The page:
China’s rising prices, driven by pork crisis, leaving a bad taste in the mouths of Chinese consumers, businesses


·         China’s consumer price index jumped to 3.8 per cent in October, the highest since January 2012, driven by the price of pork doubling from a year earlier

·         Businesses are on the verge of closing, while the make-up of the Chinese dinner table is changing, after African swine fever destroyed the pig population


He Huifeng, South China Morning Post (China) 

23 Nov, 2019


In what is becoming a daily scene in markets, restaurants and office buildings across China, ordinary citizens cannot help but share their worries about the sharp rise in the cost of living and discussing how to save money.


This trend is in response to a new environment of rising prices and slower economic growth, which is leading to growing discontent among the public.


Pork is China’s favourite meat, especially among middle and low-income groups, but rising meat prices are also dampening consumer sentiment and undermining Beijing’s attempts to convince the population of the country’s bright economic future.


Driven by the price of pork doubling from a year earlier as well as the cost of other meats increasing as people seek alternatives, China’s consumer price index jumped to 3.8 per cent in October, the highest since January 2012.


Internet posts complaining about skyrocketing meat prices and sharing practical ways to save are becoming increasingly popular.


A post on November 8 by a migrant worker in the Yangtze River Delta sharing her recipes for three affordable meals per day attracted more than 50,000 views and replies. Another post showing rising prices at fast food shops across the country had over 30,000 views and replies in a few days.


Smaller shops and restaurants are also struggling to survive amid the rising prices, which have followed since the outbreak of African swine fever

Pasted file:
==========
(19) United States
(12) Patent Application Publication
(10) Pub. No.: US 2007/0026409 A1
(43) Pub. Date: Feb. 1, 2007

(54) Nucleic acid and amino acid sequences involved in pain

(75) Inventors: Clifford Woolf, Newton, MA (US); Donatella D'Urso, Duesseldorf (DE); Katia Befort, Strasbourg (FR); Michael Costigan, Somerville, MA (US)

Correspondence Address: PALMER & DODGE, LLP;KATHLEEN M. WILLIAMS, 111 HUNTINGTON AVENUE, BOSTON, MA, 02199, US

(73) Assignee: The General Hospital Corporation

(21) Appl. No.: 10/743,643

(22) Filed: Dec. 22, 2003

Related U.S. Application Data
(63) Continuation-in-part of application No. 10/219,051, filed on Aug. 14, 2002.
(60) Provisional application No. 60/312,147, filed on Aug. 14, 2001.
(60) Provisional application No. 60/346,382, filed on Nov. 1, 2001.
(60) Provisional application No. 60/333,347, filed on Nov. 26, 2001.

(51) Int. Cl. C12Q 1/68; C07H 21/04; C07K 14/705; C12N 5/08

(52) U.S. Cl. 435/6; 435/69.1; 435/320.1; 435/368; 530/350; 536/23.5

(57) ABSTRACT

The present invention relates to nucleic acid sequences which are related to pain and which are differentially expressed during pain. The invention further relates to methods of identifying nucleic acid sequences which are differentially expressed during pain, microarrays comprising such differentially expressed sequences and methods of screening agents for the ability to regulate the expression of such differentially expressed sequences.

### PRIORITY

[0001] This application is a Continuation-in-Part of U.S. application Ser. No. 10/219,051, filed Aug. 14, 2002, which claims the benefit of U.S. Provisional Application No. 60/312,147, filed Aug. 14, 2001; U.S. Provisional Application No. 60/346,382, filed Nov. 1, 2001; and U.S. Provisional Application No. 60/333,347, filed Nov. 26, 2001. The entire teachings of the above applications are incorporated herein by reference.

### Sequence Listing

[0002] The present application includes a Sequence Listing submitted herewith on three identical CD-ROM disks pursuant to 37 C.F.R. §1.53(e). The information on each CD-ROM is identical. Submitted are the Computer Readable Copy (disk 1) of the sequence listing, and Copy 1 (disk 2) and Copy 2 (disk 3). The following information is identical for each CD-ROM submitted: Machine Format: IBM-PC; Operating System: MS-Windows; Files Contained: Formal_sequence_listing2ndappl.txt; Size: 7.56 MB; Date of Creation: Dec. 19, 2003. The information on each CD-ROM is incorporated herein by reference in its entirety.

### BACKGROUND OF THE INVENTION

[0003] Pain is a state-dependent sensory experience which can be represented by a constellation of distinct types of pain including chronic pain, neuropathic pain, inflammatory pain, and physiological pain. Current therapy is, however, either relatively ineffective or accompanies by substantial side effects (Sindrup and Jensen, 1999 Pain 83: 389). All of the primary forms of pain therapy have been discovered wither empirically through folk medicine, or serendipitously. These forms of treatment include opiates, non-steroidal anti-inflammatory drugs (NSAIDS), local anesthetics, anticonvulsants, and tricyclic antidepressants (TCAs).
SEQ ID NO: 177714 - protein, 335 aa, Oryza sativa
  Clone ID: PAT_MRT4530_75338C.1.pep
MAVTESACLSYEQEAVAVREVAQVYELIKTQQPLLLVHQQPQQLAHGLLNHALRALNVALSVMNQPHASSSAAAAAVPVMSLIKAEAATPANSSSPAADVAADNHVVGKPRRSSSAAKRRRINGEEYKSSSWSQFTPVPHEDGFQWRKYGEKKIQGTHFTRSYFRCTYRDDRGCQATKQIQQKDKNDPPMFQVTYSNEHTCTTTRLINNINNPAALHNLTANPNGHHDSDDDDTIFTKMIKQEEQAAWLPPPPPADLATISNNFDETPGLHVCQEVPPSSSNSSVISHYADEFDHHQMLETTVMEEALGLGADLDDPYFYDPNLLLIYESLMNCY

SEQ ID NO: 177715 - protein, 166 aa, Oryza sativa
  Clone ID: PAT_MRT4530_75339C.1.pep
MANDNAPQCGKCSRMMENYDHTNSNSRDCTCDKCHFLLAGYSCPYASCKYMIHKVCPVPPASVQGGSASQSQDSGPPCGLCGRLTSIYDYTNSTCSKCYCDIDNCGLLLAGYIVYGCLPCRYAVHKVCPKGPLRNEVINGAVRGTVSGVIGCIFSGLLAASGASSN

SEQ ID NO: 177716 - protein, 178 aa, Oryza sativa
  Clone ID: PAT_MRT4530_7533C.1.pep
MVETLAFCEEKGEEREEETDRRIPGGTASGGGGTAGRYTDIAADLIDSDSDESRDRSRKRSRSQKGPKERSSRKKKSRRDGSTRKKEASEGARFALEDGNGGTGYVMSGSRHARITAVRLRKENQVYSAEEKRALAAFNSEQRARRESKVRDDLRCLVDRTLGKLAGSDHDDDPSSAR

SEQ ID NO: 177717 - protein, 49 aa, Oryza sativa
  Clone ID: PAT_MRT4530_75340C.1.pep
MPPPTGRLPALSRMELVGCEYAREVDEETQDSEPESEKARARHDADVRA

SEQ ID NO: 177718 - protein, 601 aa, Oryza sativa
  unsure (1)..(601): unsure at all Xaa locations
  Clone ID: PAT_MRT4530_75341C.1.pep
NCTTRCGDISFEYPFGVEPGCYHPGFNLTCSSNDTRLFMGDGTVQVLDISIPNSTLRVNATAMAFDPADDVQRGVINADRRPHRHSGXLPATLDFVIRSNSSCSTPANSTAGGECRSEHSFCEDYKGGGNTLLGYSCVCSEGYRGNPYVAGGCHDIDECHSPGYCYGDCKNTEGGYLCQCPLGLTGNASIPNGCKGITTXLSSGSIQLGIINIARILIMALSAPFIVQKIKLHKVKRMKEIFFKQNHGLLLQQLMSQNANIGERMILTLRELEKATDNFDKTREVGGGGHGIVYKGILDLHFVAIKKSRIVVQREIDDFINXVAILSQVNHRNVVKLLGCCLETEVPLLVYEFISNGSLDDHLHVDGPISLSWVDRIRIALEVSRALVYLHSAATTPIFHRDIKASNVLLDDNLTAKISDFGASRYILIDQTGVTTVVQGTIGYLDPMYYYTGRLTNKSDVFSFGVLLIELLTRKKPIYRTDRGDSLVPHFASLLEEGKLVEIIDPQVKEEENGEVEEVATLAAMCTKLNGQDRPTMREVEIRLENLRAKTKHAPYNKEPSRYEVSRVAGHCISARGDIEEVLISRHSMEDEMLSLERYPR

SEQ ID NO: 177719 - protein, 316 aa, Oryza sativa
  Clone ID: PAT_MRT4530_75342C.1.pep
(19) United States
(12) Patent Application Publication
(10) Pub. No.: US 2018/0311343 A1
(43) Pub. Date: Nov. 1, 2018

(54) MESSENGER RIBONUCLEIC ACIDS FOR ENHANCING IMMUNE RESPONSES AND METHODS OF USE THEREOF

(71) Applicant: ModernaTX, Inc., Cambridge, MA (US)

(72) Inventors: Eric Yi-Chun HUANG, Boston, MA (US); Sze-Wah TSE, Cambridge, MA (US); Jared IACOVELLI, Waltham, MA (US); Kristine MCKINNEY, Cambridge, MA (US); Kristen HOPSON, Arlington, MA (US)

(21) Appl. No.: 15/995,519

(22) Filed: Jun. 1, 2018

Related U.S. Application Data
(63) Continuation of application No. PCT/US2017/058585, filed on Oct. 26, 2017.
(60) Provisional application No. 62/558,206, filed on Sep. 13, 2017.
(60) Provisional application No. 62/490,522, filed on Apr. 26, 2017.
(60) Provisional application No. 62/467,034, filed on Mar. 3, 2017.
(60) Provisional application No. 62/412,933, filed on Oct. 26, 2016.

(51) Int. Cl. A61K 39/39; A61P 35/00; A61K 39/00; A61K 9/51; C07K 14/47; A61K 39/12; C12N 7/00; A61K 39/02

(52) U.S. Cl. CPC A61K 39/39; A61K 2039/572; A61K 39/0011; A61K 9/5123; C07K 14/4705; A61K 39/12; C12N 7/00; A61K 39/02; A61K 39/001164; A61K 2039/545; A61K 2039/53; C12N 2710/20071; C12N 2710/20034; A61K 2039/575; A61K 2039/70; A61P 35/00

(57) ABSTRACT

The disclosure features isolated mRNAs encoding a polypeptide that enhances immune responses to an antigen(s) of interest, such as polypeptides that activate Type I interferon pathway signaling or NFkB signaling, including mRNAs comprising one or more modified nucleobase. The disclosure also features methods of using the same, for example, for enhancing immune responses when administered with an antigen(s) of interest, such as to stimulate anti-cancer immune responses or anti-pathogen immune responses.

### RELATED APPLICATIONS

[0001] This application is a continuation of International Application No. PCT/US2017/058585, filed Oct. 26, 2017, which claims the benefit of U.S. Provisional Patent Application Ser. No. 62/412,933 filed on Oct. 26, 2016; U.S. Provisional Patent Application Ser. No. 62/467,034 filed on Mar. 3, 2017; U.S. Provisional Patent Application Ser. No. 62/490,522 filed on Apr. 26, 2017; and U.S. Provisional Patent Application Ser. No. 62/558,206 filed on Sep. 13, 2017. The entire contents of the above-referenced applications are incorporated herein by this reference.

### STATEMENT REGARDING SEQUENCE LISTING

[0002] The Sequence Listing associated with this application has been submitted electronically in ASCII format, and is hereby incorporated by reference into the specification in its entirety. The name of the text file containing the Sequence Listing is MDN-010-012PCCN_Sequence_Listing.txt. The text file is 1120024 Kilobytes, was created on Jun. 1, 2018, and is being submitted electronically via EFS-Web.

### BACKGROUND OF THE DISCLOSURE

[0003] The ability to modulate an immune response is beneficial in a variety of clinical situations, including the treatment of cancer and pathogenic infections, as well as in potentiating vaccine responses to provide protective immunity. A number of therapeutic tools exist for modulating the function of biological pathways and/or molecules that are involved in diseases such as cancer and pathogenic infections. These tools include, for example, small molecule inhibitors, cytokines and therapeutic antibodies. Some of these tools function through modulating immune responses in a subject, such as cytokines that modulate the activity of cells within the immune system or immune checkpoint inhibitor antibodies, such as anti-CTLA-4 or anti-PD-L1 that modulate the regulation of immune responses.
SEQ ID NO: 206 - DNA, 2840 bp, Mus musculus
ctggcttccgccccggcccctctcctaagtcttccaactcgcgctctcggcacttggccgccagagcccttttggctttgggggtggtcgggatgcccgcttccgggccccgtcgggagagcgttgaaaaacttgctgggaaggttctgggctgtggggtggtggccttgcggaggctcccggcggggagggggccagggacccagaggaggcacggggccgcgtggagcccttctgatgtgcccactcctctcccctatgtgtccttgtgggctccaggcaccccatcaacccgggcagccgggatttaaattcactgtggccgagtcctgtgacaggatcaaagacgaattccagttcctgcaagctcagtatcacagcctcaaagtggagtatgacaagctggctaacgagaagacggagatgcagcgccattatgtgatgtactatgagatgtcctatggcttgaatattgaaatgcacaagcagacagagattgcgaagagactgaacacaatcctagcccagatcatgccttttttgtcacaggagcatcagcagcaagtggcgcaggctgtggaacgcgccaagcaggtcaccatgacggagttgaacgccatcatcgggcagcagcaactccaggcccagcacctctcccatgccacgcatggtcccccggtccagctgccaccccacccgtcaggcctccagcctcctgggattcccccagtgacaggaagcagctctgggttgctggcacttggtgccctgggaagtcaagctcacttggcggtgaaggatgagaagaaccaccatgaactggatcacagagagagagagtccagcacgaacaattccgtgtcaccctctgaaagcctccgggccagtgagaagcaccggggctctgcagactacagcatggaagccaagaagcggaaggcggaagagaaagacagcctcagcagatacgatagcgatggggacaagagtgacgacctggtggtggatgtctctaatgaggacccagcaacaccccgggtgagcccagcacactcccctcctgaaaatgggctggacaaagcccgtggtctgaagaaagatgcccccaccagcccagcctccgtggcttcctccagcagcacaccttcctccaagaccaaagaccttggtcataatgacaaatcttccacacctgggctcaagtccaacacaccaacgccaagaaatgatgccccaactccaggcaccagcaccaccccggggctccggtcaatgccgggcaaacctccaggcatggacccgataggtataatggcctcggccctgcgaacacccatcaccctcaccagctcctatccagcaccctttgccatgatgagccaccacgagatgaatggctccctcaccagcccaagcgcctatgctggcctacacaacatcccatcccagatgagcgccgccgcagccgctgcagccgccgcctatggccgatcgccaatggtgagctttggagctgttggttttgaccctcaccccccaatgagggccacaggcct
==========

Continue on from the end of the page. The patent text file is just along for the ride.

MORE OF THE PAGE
destroyed China’s pig population.


“I’m going to have to shut down the business,” said Li Jie, who runs three dim sum cafes in Guangzhou with his friends.


Li’s wholesale supplier has raised the price of pork five times between August and October, from 58 yuan (US$8.3) to 90 yuan (US$12.8) per kilogram intestines used in fried chitterlings, a favourite local dish.


“What we can do is either increase the price [of a meal] or reduce the amount of meat in each dish. If few customers order the dish due to the higher price, we have to take it off the menu,” added Li.


Rising prices and the slowing of the economy are having a negative impact on the overall economic picture in China.


“The main driving force of China’s consumer spending comes from the country’s middle class, but with the slowdown of China’s economy, their income growth and the value of real estate assets, actually, have been stagnant and even sliding,” said Simon Zhao, a professor at the United International College, a joint school created by Beijing Normal University and Hong Kong Baptist University in Zhuhai.


“As result, there is likely to be a trend that ordinary Chinese consumers continue to shrink their consumption demand in at least the coming couple of years. [If the economy continues to slow in the next year] it will absolutely weaken further the income and spending power of working class and middle class workers.


“[If consumer prices remain high] there will be significant pressure on ordinary Chinese people, while both Chinese families and local governments are deeply trapped in a high level of debt.”


But, despite their current difficulties, Chinese consumers in general are better off than they have ever been, according to Zhao...


... And like Li, some small fast food restaurant owners are also considering the reality of closing their businesses.


“Because pork was so expensive, I had to raise the price from 10 yuan (US$1.4) to 12, and then 15 within about a month,” said a shop owner in Guangdong who sells rougamo, a kind of pork burger. “But after the price increase, only a few customers come in [to the shop].”


The ongoing food inflation has also forced families to cut back or even give up dishes that have been staples for ordinary Chinese citizens.


“Chicken and pork are soaring in price. It’s changing my habit of making soup twice a week to once a week, and I may need to cut it to twice a month if food prices continue to rise,” said Zhang Jiehong, a Guangzhou resident...